- Justification is the only basis for good works. Good works are those works, in accord with the teaching of the Scripture, which are done in holiness and righteousness. It is not possible to serve God as long as we are alienated from him by our sins, and thus under his wrath and curse. It is justification that removes this alienation. It is by justification that peace with God is established (Rom. 5:1). This peace is the necessary prerequisite of any good work. A sense of guilt and a sense of alienation are stultifying to service. Witness the life of King Saul after his rejection by God. Justification by grace brings the peace of heart that encourages godly living, not otherwise.
- The faith that justifies is nothing else than trusting in Christ for salvation from sin. This faith, therefore, is a sin-hating, a sin-condemning and a sin-renouncing principle. The motivating principle of this faith is a turning from sin to Christ for salvation. Thus it would contradict the very nature of this faith to suggest that its exercise is inimical to ethical living. How could such faith be an incentive to sin, when it is itself a turning from sin to Christ for salvation?
- True saving faith works itself out in love. This is the thrust of James. 'Faith without works is dead in itself. Yea, a man will say, Thou hast faith, and I have works: show me thy faith apart from thy works, and I by my works will show thee my faith' (James 2:17-18). James is not renouncing faith for works. He is insisting, however, that true faith must demonstrate itself in works. Works are the fruit of faith. What a man believes determines what he will do.
- The question may be raised as to how we can be justified by faith, and yet it be said that we shall be rewarded on the basis of works. The principle here is that works done in faith are those which stem from the motive of love and obedience to the revealed will of God. They are directed to the glory of God. Such works are intrinsically good. These are the works upon which rewards shall be based. The Bible is explicit to the effect that such works will be rewarded in the life to come (Matt. 10:41; 1 Cor. 3:8-15; 4:5; 2 Cor. 5:10; 2 Tim. 4:7-8).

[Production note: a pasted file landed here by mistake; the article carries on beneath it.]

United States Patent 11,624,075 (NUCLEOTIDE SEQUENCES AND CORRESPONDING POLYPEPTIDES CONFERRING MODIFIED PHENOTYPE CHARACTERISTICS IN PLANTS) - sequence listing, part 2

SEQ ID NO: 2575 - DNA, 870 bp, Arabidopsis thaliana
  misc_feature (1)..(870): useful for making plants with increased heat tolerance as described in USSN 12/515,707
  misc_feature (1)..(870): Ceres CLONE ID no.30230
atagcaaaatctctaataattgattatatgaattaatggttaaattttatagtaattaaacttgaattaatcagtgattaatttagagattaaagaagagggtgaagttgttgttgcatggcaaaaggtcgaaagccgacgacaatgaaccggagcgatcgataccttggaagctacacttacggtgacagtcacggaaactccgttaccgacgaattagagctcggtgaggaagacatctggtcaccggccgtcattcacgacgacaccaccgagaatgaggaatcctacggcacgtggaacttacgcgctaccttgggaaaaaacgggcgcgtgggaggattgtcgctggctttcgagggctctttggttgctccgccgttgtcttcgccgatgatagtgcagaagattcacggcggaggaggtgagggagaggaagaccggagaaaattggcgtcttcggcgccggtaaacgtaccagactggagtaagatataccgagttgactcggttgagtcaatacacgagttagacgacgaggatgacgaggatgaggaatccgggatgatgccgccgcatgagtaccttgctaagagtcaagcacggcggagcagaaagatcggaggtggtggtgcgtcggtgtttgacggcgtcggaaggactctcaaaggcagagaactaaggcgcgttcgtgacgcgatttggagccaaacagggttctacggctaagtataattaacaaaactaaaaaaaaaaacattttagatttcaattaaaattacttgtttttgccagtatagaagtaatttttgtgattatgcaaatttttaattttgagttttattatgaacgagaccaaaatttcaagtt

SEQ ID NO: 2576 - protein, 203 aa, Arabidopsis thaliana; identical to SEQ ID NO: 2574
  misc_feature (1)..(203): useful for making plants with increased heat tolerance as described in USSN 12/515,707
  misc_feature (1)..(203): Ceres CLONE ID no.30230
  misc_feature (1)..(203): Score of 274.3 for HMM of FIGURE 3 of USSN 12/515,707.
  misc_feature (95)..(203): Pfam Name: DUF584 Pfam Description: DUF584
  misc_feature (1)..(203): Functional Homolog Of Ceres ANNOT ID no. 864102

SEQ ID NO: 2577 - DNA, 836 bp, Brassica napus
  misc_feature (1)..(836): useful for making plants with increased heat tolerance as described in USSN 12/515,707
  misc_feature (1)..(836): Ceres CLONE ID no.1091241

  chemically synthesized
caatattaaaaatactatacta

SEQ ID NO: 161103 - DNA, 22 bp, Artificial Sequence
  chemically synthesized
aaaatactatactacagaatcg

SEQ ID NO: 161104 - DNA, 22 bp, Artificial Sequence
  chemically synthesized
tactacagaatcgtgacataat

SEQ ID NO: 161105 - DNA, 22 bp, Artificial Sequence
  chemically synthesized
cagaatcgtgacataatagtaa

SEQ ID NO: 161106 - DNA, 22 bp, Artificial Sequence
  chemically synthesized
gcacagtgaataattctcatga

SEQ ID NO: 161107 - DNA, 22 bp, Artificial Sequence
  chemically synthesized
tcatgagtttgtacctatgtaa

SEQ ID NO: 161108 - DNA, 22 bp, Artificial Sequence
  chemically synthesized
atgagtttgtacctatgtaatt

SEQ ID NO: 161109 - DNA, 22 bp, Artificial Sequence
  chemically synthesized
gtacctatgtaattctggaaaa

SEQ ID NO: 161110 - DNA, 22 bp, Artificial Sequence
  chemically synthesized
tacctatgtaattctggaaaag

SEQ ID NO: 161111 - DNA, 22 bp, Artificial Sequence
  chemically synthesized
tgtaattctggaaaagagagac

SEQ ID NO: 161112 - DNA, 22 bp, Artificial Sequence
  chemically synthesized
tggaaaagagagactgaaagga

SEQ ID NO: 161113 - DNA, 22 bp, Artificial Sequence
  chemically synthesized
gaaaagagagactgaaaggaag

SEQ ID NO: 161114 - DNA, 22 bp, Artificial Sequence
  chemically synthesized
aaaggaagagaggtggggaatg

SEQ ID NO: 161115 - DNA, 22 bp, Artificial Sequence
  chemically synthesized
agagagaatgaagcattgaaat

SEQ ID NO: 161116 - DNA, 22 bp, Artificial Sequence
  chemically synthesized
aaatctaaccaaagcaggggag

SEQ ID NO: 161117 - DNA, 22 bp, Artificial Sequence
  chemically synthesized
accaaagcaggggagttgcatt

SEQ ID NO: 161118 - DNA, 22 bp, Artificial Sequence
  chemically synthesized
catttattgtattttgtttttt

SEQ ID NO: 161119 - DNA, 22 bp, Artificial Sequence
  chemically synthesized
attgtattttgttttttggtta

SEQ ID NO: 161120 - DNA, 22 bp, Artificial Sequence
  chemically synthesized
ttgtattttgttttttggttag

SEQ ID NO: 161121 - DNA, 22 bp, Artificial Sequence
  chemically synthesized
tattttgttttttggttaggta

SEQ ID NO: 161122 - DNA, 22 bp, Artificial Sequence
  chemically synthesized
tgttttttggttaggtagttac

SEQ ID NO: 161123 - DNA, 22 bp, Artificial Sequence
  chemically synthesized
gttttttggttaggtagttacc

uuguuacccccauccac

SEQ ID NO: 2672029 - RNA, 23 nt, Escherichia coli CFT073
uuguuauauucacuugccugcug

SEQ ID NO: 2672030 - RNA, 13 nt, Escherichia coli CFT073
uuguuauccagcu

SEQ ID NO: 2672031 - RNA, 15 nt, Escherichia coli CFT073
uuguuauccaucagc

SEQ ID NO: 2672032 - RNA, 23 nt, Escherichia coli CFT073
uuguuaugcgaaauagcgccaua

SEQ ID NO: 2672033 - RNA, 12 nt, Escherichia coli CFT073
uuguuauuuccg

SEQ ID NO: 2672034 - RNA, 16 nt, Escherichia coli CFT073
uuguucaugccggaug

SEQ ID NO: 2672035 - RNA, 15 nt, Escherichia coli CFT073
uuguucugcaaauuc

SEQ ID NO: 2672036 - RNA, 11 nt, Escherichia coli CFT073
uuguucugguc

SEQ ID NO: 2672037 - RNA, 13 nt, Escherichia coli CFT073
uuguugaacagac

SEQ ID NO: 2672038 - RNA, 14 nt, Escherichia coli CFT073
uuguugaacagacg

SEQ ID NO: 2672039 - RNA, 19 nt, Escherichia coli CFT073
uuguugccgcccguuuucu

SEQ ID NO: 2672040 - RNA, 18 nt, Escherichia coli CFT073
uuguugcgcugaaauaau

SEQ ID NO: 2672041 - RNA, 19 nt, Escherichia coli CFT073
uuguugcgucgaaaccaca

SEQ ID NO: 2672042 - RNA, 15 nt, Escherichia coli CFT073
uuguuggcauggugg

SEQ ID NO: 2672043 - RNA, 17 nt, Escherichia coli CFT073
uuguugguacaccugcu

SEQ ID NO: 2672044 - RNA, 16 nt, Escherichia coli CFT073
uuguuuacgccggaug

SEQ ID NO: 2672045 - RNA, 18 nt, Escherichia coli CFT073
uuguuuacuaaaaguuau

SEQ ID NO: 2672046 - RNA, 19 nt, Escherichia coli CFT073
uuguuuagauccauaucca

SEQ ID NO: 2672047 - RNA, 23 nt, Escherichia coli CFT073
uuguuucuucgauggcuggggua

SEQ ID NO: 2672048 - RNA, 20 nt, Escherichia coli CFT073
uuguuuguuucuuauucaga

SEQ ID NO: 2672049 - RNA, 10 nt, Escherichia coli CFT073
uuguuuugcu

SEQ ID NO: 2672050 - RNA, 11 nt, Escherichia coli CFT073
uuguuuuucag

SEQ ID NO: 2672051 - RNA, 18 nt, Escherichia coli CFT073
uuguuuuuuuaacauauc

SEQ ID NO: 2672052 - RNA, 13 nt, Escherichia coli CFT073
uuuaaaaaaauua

- The fact that we are to be rewarded on the basis of good works does not in any way take away from the fact that we are justified by the grace of God. The Bible does not represent our salvation as resting on these good works, but rather they bring rewards over and above salvation. The reward according to works has to do with the relative station which a person has to occupy in the eschatological kingdom of God.
The reward is graciously given by God, for he is the One who enables us to accomplish good works, and yet there is intrinsic good in works motivated by love to the glory of God, so that there is a meriting aspect of these works. The recognition of reward is a proper motivation unto good works. The believer should recognize that for his fuller enjoyment of God, he should live for God more and more in his life. Good works must be a part of the Christian's life, since bare salvation is not the goal of the redemptive process, but rather the glory of God. The believer should consciously seek that glory in his daily living.
Let us return to Warfield's observations regarding saving faith. It is not faith that saves, it is Jesus who saves through faith alone. This living faith never stands alone, but is always accompanied by good works. If one does not find any evidence of good works in his life, then he needs to ask whether he has ever exercised saving faith, that is, whether he is resting and trusting alone in Christ for his salvation.
Add new comment